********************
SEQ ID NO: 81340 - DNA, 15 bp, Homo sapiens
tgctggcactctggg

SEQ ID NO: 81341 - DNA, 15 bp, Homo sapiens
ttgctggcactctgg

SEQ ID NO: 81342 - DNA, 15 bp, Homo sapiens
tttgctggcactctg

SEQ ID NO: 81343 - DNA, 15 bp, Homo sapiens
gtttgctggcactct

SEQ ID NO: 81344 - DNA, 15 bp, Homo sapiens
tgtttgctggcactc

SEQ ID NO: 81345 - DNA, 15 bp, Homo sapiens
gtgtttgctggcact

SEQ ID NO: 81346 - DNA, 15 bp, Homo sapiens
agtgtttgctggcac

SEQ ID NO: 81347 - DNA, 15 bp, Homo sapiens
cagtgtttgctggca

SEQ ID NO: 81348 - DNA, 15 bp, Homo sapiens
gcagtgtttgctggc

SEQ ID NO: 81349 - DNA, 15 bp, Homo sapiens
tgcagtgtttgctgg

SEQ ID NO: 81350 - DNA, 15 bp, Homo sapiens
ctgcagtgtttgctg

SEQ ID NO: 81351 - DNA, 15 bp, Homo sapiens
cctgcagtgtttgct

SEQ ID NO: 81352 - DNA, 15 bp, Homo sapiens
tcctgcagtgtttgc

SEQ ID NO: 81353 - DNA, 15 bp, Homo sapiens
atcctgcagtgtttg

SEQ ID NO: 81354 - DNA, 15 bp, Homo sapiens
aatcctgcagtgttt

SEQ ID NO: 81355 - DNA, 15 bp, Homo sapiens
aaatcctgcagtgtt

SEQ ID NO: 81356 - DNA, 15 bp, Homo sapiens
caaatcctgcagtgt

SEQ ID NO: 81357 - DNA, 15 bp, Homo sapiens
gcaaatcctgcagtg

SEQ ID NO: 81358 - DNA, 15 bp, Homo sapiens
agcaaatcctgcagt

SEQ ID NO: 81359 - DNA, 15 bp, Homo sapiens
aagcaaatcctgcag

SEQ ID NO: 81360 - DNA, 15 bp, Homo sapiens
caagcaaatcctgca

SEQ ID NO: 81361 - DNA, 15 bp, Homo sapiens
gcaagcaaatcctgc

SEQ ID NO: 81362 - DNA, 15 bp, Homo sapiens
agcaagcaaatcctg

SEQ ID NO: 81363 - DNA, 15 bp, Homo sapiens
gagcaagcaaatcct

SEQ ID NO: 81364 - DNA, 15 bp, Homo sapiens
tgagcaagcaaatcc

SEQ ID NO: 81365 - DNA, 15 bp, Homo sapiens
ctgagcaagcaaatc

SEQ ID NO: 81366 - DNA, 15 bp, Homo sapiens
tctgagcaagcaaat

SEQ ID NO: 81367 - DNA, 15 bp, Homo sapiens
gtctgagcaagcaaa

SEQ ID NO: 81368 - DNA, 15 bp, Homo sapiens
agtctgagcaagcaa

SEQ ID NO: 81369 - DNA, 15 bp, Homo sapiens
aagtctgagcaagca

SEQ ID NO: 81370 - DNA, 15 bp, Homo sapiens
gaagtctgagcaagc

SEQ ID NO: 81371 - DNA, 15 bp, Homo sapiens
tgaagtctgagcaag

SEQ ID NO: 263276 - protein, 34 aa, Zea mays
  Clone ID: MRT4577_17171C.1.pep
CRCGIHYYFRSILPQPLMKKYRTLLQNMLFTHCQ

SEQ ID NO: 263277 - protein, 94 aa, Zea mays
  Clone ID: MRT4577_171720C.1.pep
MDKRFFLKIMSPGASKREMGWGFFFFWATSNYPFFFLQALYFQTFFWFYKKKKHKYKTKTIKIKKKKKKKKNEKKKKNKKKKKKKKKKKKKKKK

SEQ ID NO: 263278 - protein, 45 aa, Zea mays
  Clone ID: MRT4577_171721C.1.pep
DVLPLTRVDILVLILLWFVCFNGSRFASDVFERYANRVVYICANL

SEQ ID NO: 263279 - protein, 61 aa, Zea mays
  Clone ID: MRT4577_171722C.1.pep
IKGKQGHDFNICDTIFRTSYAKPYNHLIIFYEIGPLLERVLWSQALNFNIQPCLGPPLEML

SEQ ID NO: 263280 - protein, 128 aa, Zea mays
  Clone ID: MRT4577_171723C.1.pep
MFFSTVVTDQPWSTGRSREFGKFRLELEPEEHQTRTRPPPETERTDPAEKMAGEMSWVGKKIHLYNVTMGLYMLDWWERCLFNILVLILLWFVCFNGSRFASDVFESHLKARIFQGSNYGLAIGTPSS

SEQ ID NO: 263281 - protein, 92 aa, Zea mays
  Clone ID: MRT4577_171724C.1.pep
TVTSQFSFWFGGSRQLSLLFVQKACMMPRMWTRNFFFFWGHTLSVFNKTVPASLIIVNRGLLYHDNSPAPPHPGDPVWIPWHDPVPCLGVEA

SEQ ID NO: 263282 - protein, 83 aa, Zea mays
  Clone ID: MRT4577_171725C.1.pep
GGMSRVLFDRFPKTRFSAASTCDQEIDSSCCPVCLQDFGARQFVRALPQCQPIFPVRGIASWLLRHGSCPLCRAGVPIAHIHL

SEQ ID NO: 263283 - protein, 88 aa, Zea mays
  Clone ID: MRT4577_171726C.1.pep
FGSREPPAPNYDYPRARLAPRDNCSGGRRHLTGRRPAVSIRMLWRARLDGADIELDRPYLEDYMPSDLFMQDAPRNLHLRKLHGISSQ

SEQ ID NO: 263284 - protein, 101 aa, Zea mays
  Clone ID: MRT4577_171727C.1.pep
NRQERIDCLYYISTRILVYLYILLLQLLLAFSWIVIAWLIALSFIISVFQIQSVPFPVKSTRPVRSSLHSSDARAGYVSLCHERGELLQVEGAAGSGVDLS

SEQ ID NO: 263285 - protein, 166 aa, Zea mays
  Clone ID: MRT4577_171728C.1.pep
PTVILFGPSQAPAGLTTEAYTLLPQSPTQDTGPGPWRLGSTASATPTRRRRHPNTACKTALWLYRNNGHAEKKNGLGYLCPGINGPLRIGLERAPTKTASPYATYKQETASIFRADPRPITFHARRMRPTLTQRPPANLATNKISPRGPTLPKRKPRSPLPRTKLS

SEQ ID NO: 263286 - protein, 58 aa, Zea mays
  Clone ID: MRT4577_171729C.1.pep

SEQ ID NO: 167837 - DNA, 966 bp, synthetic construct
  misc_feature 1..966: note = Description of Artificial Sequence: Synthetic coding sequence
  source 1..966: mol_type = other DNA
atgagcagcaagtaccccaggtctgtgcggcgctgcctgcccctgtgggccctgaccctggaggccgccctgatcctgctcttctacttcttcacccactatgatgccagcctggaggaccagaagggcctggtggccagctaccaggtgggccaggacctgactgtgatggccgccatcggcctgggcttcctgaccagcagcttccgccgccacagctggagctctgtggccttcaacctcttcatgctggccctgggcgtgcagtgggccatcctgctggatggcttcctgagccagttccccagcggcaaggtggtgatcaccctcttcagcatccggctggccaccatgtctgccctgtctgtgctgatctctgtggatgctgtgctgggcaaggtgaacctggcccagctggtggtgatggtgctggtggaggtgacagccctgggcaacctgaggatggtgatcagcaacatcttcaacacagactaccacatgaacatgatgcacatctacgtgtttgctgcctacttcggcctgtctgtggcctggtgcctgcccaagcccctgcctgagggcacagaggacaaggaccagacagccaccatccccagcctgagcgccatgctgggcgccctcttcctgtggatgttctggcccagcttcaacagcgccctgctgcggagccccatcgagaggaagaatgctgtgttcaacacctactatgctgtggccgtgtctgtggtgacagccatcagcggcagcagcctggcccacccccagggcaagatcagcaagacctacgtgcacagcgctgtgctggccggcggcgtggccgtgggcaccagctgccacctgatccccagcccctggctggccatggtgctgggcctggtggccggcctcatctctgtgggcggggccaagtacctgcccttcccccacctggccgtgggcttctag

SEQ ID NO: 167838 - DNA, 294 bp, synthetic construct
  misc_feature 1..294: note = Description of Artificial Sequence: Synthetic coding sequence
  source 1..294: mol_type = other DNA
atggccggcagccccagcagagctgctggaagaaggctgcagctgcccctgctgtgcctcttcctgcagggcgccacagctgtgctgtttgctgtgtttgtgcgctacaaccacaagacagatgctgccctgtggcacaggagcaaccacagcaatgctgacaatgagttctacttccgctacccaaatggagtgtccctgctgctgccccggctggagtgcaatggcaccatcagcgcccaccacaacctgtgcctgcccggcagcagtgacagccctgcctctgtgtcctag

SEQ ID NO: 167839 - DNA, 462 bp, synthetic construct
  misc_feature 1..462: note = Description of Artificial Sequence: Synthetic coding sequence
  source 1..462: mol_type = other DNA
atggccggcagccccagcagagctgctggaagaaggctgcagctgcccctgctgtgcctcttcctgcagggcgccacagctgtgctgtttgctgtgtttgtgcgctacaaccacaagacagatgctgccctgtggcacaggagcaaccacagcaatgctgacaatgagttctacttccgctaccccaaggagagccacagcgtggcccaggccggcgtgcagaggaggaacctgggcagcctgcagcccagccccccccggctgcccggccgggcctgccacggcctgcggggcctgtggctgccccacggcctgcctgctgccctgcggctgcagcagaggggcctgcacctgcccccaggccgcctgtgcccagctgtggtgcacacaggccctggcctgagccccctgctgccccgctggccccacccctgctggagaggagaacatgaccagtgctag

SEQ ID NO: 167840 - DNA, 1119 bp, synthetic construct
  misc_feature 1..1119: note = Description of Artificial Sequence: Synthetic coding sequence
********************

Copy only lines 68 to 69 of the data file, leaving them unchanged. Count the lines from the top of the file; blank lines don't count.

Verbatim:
SEQ ID NO: 263277 - protein, 94 aa, Zea mays
  Clone ID: MRT4577_171720C.1.pep